And considering that the woman that Carter is in love with is black, uh, yeah. Henry's as far from a token as can be.
Not a perfect example, but the trope is played for laughs in Father Ted where, in an attempt to appeal to the Chinese people of Craggy Island when they all start to believe he is a racist, Ted organizes an event to celebrate their culture. A slide-show is the main event where, before he gets to a cringe-worthy display of examples of "Chinese culture" (including Ted claiming that you can see the Great Wall of China "from anywhere in the world" and Mr. Miyagi) he shows a picture of himself with his arm around a black man and the pair smiling. To this he says "I forget his name now, but I got on very well with him..." before moving on.
In Nashville, Zoey is this to Scarlett. While she may in time come to have her own desires that do not revolve around helping Scarlett or Scarlett's ex-boyfriend, right now Zoey fulfills the trope. It is also notable that she entered the show as Coleman, the only African American cast member at the time, was written off the show. It could be argued that Coleman fulfilled this trope for a few characters on the show.
Averted in Homicide: Life on the Street as Frank often shoots down any attempts at Friendship Tim shows despite Tim calling Frank His best Friend. This is more to do with Pembleton's Characterisation as a self-assigned Loner.
Honest features Reza, a South Asian Best Friend. Subverted in that he's not all that smart.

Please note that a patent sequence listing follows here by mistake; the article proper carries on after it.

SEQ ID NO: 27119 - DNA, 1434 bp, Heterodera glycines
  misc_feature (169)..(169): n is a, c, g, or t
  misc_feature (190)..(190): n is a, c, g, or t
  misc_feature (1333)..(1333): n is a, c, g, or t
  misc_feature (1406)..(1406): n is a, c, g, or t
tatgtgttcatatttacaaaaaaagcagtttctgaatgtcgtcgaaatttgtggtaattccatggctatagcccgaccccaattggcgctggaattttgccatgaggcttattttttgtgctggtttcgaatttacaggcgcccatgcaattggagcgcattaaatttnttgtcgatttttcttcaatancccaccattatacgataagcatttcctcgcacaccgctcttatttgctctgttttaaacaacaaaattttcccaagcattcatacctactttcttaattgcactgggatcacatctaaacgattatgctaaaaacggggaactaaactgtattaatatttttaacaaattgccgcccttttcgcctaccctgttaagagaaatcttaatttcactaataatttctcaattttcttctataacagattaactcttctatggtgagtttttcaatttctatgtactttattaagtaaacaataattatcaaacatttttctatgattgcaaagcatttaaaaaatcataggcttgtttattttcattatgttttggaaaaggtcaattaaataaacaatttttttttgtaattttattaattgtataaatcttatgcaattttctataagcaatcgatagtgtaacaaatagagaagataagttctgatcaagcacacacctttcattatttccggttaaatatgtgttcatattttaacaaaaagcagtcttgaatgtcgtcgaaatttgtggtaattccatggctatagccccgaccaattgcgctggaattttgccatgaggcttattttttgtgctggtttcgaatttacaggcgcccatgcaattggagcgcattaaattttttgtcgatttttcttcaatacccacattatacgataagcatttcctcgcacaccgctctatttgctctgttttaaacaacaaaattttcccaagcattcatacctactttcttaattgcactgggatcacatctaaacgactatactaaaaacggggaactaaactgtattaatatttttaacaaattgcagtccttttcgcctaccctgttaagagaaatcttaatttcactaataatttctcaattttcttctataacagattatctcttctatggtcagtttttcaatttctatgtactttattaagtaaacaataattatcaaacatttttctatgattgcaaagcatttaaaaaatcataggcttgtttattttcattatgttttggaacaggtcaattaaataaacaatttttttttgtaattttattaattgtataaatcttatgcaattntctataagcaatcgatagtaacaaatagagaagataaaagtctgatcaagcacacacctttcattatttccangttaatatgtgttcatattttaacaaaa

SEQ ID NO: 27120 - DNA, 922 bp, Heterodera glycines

Her friend also has an extremely thick, stereotypical "black" accent...and when Lily is talking to her, so does she. At one point, Lily leaves her friend alone with the main cast, and it turns out she doesn't normally have that accent either—they just bring out that side of each other.
For the first eight or so seasons of Married... with Children, Al worked alone in the shoe store. Starting in season 9, his friend and fellow NO-MAAMer Griff became his co-worker. In many respects, Griff was a black version of Al, with a bad car and an even worse job, their major difference being that Griff was divorced. Al would probably consider him better off, but as Griff told Bud in one episode, she got the car, the dog and the money. I got the right to remain silent.
He actually worked with a white guy in the first season of the show, then went a couple of of seasons working alone, before hiring a kid that was from Polk High named Aaron. Then he got a intern named Dexter (played by Chi McBride) for one episode. Then Griff came along. Plus, the only cop in Chicago who seems to like Al is Officer Dan.